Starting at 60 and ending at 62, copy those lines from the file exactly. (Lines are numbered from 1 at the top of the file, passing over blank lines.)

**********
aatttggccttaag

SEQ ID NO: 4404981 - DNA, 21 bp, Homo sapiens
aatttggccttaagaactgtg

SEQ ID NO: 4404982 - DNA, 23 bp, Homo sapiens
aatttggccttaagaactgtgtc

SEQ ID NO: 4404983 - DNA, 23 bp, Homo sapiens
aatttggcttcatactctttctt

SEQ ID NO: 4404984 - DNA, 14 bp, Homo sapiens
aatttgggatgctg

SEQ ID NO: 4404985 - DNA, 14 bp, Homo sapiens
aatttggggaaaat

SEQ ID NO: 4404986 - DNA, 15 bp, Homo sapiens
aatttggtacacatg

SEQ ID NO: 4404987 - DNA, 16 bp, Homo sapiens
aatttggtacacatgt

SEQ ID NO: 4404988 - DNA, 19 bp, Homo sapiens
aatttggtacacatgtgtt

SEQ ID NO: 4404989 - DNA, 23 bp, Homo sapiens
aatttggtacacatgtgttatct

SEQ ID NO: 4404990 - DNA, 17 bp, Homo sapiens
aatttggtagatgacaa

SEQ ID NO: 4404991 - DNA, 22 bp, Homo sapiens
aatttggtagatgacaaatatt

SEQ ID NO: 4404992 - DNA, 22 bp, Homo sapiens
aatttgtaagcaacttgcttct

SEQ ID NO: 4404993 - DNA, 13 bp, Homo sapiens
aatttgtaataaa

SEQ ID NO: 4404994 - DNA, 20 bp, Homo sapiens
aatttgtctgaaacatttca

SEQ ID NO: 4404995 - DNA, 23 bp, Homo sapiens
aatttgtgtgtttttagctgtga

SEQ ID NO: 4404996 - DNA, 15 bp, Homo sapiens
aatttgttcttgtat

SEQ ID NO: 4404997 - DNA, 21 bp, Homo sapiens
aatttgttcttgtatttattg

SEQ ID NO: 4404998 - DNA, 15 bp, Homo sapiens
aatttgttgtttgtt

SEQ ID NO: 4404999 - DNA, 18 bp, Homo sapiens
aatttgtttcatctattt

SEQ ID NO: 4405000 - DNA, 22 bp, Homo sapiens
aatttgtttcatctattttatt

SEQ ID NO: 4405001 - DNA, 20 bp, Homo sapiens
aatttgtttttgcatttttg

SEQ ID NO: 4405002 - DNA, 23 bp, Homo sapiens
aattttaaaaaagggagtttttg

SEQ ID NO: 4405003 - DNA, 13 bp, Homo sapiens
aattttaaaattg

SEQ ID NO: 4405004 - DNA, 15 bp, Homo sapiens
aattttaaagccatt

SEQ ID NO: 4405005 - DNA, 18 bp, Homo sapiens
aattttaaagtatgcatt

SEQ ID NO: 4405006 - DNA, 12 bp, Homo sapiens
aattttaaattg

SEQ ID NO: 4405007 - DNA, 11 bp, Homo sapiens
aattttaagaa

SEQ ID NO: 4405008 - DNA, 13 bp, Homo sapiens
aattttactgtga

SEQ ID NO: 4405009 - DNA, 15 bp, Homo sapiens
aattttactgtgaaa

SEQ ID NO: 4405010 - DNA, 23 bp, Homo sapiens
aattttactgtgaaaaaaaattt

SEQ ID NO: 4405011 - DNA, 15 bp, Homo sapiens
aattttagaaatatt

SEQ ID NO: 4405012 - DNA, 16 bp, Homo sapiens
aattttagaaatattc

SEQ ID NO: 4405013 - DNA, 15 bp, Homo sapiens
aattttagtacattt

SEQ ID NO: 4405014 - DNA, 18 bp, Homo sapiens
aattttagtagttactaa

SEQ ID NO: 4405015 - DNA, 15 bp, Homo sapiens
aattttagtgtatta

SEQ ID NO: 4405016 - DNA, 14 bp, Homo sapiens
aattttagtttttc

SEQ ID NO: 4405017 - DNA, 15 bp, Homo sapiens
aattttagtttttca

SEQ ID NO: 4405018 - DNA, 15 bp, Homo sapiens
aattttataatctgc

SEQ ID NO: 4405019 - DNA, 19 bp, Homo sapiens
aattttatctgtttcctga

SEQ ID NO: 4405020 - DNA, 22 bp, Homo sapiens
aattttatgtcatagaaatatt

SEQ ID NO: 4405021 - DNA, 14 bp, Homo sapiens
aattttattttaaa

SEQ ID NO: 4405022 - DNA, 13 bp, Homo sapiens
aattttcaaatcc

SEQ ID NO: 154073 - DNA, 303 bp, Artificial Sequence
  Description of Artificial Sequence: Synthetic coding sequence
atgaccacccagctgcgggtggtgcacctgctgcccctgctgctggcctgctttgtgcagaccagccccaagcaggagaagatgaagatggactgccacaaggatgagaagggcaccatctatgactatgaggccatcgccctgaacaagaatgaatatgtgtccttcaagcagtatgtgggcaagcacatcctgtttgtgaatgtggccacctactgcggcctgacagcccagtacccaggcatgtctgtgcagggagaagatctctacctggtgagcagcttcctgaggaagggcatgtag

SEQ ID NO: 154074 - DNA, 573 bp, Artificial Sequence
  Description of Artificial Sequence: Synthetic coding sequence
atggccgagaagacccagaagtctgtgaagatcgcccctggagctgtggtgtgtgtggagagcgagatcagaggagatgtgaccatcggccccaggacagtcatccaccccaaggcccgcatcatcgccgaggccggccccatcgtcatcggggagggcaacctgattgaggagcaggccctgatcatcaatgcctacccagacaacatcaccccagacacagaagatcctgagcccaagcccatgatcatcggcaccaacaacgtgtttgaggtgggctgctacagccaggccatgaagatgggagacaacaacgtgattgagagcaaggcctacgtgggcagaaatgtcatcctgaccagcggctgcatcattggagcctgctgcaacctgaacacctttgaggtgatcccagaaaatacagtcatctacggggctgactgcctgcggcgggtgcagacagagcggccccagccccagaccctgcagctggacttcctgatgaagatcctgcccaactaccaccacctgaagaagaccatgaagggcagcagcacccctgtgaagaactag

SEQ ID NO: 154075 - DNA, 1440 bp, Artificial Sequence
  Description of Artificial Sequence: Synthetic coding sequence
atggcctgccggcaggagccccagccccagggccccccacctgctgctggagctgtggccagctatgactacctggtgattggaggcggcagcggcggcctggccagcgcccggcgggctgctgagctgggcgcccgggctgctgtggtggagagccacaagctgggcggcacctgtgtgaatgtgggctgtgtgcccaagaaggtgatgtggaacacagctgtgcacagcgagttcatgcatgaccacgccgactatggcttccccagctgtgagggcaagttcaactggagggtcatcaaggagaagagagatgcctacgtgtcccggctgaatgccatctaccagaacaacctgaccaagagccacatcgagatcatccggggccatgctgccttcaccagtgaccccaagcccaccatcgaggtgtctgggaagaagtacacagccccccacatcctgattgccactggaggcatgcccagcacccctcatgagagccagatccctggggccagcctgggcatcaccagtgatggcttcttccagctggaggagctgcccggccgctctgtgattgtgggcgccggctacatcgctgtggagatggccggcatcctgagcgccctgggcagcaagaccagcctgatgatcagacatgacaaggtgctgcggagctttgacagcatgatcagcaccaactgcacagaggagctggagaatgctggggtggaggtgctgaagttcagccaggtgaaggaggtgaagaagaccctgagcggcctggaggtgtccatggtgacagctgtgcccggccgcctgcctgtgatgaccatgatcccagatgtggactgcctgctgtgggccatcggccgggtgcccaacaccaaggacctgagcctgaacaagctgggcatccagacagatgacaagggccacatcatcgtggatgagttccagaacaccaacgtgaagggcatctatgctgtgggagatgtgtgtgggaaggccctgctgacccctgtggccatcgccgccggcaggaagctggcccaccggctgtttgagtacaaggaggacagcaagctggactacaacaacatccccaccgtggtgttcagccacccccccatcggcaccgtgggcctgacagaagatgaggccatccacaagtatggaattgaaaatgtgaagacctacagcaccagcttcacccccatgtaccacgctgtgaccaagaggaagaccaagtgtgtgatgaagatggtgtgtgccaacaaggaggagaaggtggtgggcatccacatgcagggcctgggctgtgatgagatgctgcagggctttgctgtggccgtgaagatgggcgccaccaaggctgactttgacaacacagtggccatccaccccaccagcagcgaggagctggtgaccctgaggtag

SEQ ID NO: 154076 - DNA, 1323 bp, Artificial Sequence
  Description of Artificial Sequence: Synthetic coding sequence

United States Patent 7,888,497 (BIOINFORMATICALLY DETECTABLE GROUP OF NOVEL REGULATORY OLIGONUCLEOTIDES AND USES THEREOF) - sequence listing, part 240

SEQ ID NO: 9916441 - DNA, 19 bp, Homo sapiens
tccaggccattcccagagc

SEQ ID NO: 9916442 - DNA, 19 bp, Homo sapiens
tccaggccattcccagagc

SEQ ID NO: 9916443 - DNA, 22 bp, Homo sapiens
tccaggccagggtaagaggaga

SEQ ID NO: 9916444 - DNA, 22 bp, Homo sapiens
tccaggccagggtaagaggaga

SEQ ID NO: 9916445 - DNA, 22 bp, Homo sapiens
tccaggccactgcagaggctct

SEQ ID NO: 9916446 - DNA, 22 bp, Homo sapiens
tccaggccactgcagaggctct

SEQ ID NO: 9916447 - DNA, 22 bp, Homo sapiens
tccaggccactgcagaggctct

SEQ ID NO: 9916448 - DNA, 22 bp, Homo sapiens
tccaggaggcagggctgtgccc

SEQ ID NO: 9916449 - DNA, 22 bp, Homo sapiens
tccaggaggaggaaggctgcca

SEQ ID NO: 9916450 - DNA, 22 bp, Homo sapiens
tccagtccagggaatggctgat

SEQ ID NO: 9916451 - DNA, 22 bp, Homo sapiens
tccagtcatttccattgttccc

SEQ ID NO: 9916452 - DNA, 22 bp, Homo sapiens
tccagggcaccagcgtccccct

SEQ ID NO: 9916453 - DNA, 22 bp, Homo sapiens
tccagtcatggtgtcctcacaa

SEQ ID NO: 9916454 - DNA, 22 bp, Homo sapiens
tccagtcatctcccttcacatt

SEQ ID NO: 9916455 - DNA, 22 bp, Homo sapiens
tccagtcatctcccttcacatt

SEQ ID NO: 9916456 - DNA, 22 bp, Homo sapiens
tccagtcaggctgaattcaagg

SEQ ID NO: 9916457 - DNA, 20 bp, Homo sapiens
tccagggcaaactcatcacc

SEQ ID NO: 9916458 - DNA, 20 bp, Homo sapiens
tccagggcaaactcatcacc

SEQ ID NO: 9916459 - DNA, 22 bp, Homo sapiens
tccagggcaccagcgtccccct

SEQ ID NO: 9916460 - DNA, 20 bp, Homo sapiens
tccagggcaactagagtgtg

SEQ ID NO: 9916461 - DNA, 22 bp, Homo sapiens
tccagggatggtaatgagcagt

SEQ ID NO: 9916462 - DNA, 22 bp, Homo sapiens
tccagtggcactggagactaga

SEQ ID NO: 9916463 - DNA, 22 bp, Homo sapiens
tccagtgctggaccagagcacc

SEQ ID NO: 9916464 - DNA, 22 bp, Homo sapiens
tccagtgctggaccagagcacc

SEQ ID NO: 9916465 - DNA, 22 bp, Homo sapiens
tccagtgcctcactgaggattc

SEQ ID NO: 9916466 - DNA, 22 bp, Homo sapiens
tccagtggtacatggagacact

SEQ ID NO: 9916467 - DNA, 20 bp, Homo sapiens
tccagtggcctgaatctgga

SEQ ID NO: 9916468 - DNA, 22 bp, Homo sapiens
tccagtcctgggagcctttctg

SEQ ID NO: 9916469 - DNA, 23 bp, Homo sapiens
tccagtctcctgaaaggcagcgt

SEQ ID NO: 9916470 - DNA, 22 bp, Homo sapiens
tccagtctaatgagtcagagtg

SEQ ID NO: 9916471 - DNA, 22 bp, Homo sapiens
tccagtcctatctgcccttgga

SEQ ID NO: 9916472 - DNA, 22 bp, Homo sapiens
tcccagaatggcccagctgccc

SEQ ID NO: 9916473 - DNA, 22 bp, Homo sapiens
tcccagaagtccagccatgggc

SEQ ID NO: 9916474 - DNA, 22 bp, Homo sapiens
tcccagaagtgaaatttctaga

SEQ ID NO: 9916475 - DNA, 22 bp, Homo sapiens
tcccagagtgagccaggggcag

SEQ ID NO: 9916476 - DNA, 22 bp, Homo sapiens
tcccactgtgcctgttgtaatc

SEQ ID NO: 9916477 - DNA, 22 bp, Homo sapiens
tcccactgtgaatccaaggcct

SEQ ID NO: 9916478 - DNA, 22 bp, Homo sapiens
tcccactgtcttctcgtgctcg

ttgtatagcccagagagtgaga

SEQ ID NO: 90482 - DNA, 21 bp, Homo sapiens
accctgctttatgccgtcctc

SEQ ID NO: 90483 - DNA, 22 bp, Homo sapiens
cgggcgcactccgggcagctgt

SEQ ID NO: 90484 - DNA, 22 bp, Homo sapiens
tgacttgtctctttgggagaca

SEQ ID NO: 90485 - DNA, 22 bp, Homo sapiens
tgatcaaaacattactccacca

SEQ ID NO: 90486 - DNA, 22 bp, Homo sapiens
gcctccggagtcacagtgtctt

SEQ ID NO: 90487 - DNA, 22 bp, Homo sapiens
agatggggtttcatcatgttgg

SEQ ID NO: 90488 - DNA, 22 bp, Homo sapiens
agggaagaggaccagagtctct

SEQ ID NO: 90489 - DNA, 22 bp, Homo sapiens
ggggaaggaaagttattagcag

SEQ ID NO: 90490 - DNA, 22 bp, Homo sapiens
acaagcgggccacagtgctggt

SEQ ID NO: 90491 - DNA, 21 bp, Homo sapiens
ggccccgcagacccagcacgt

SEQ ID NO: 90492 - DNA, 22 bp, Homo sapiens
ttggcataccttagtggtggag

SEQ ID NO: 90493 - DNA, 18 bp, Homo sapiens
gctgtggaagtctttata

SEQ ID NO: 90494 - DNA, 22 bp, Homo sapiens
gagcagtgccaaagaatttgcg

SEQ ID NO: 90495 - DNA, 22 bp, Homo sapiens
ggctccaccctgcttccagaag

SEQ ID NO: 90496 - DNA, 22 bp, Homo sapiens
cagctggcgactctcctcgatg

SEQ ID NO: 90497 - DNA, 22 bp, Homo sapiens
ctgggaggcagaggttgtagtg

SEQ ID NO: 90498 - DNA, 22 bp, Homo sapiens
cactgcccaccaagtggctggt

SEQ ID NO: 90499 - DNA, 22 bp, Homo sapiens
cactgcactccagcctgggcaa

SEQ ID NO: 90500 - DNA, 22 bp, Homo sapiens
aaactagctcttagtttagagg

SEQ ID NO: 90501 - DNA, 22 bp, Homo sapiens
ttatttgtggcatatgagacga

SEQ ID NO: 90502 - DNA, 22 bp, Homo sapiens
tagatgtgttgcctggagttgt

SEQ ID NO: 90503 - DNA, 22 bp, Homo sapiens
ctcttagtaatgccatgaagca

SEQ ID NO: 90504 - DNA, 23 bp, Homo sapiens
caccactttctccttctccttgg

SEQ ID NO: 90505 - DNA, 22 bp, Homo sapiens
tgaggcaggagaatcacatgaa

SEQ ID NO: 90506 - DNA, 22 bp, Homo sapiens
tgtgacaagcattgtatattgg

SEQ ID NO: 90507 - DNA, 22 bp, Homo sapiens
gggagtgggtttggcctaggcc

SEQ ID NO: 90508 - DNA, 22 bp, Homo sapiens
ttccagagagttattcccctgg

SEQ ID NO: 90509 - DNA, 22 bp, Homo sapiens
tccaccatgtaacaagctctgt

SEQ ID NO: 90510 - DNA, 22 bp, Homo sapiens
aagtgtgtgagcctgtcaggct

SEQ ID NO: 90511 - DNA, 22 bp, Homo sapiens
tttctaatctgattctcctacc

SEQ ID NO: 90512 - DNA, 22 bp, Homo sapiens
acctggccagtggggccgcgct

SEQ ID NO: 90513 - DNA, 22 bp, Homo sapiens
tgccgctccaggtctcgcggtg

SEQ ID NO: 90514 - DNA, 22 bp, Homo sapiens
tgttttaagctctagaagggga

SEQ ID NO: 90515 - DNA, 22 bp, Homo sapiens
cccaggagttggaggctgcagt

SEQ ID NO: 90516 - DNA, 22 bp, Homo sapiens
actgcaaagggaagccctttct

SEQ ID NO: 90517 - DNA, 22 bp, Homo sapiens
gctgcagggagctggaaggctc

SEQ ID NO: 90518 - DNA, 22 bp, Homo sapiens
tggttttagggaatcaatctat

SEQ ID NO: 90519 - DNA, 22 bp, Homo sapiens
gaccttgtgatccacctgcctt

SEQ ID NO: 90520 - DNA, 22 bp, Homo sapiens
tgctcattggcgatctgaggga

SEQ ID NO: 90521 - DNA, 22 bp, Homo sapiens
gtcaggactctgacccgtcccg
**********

SEQ ID NO: 4405010 - DNA, 23 bp, Homo sapiens
aattttactgtgaaaaaaaattt

SEQ ID NO: 4405011 - DNA, 15 bp, Homo sapiens